To Speak Well of God

It begins with the Divine injunction:

“Have you considered my servant Job?”

The Biblical drama of Job is haunting. A blameless man is tormented by ‘the Satan’ – an enigmatic character never explicitly identified – stripped of wealth, status, possessions, health and children; all with God’s permission! Who is this Satan? More chilling still, who is this God? And why, despite this cataclysmic carnage, does the drama seem to focus on the resulting argument between Job and his three friends?

The ending of the drama seems no clearer. When God reveals Himself, what is He saying? Finally, God restores Job. Yet does this truly repair His permitted destruction of him?

“To Speak Well of God” offers a distinctive identification of the Satan, which unlocks equally unique insights into the classic interactions between God, the Satan, and the Righteous Man; revealing the Messianic message encoded within. Most importantly, it justifies God, even as Job suffers. It lends reason to persevere in faith, as Job did; and speak well of God. It provides an answer not only to why Job suffered but, by extension, how we can see a benign Hand of God even despite, and during, times we also suffer.

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John’s Creation

“In the beginning was the Word, and the Word was with God, and the Word was God.”

John’s Gospel has always been a mystery, departing starkly from the narratives of Matthew, Mark and Luke. What is John’s angle?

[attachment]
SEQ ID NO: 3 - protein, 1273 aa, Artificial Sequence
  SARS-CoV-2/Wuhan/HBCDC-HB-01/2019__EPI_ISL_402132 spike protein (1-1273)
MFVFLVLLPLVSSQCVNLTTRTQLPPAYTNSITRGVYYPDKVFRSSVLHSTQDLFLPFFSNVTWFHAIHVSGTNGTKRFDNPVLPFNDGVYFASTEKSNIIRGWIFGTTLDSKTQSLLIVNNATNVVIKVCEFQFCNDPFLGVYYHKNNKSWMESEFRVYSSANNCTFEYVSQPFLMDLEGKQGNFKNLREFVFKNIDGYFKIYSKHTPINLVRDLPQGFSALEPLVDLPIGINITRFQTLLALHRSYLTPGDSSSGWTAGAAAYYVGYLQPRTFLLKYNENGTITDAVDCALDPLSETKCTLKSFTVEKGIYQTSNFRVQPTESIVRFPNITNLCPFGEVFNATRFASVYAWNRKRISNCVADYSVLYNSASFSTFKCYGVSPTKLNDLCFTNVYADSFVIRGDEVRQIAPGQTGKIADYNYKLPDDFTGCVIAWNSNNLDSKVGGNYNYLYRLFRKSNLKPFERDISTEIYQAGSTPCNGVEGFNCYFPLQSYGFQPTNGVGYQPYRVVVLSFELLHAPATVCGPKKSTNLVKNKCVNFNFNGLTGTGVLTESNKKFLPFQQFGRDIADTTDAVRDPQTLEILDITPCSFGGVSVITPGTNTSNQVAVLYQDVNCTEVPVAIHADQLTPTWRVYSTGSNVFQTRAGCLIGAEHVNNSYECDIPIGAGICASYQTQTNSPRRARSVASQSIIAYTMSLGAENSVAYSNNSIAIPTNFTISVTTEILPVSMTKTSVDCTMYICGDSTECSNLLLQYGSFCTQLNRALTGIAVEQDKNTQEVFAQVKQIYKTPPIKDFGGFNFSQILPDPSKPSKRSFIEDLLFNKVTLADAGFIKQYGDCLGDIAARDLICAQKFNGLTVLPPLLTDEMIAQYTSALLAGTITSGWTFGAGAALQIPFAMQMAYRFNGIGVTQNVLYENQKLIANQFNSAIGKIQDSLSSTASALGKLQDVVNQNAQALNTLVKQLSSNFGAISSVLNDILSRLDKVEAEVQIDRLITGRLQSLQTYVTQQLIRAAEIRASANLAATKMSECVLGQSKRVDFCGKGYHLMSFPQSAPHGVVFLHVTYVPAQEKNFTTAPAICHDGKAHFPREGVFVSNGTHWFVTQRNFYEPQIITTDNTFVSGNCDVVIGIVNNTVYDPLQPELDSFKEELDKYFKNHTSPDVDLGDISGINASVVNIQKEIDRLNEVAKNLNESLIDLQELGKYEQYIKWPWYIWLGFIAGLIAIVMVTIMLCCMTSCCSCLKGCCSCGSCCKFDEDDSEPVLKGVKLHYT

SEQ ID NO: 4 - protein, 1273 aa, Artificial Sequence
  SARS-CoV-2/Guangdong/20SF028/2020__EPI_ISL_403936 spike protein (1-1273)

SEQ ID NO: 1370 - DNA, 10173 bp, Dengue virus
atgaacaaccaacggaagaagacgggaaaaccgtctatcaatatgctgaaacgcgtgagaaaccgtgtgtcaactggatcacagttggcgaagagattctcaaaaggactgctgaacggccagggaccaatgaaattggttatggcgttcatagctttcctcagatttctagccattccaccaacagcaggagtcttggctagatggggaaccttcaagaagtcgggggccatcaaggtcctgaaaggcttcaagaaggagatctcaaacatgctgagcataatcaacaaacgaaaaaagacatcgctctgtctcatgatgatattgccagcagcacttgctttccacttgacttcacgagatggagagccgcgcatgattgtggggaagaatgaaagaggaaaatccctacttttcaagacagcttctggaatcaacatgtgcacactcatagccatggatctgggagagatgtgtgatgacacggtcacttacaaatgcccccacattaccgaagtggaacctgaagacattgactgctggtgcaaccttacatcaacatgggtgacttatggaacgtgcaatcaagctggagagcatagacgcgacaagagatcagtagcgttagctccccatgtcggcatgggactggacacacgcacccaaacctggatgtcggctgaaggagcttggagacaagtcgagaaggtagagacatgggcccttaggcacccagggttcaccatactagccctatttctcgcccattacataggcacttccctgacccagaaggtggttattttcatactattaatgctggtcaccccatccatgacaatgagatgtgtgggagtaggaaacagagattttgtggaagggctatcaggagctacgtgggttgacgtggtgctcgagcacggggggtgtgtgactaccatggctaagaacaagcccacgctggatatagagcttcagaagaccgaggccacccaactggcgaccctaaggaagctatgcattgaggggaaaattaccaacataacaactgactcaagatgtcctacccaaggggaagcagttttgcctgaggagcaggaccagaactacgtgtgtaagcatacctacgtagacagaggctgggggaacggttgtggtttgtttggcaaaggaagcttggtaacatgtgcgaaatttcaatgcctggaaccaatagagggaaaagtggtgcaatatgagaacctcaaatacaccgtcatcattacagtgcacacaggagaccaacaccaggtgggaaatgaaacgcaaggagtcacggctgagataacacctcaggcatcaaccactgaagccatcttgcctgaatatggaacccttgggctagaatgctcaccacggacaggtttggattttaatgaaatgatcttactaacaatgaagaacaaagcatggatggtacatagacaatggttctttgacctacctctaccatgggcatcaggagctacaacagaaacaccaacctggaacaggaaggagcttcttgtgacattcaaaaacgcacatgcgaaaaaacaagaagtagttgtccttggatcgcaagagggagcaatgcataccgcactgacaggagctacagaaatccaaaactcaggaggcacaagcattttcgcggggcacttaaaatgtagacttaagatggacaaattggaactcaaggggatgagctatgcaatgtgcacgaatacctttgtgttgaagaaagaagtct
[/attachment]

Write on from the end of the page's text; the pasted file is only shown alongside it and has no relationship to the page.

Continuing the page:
This interpretation reveals John has deliberately arranged his gospel as a reflection of the creation sequence from the Old Testament Genesis; the very opening chapter of the Bible. John portrays Jesus’ character and journey in six discrete sections, each of which is a spiritual blossoming of the original physical element of the Genesis account: 1. Light, 2. Living Water above, 3. Bread for Food, 4. Lights to Rule, 5. Deadly Water below, and 6. Kingship.

Most relevantly for us today, “John’s Creation” shows why it is valuable to see Jesus in this way, because it outlines his pioneering path of our own discipleship, through: 1. Illumination, 2. Baptism, 3. Nourishment, 4. Subjection, 5. Humility and 6. Kingship

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The King Who Fell

“Let him kiss me with the kisses of his mouth” opens the lyrics of the Bible’s most complex Old Testament mystery: Solomon’s enigmatic Song of Songs.

In truth, the Song is exactly as it appears: an intensely passionate expression of romantic love, both ascetic and sexual, between two lovers; with the poetry structured as a chiasmus, i.e. in two anti-symmetric halves.

The Song’s lovers are forever imprinted as timeless emblems for this flawless – except godless – love; and the Divine Hand enriches the Song symbolically, creating an allegorical overlay with spiritual instruction. The literal story-line and interwoven allegorical messages imprinted in the symbology coexist effortlessly: rooting the Song on Earth does not limit it reaching to Heaven.

The spiritual lessons imprinted in the Song are simple, profound and highly relevant to the 21st century disciple. Sexuality is not evil, but it must not become your God, as it did for Solomon; whose innocent, yet ultimately deadly, Bride, was drawn to him from Lebanon and then, as the power dynamic between them transferred utterly, led him away from Jerusalem to play on the mountains of pleasures.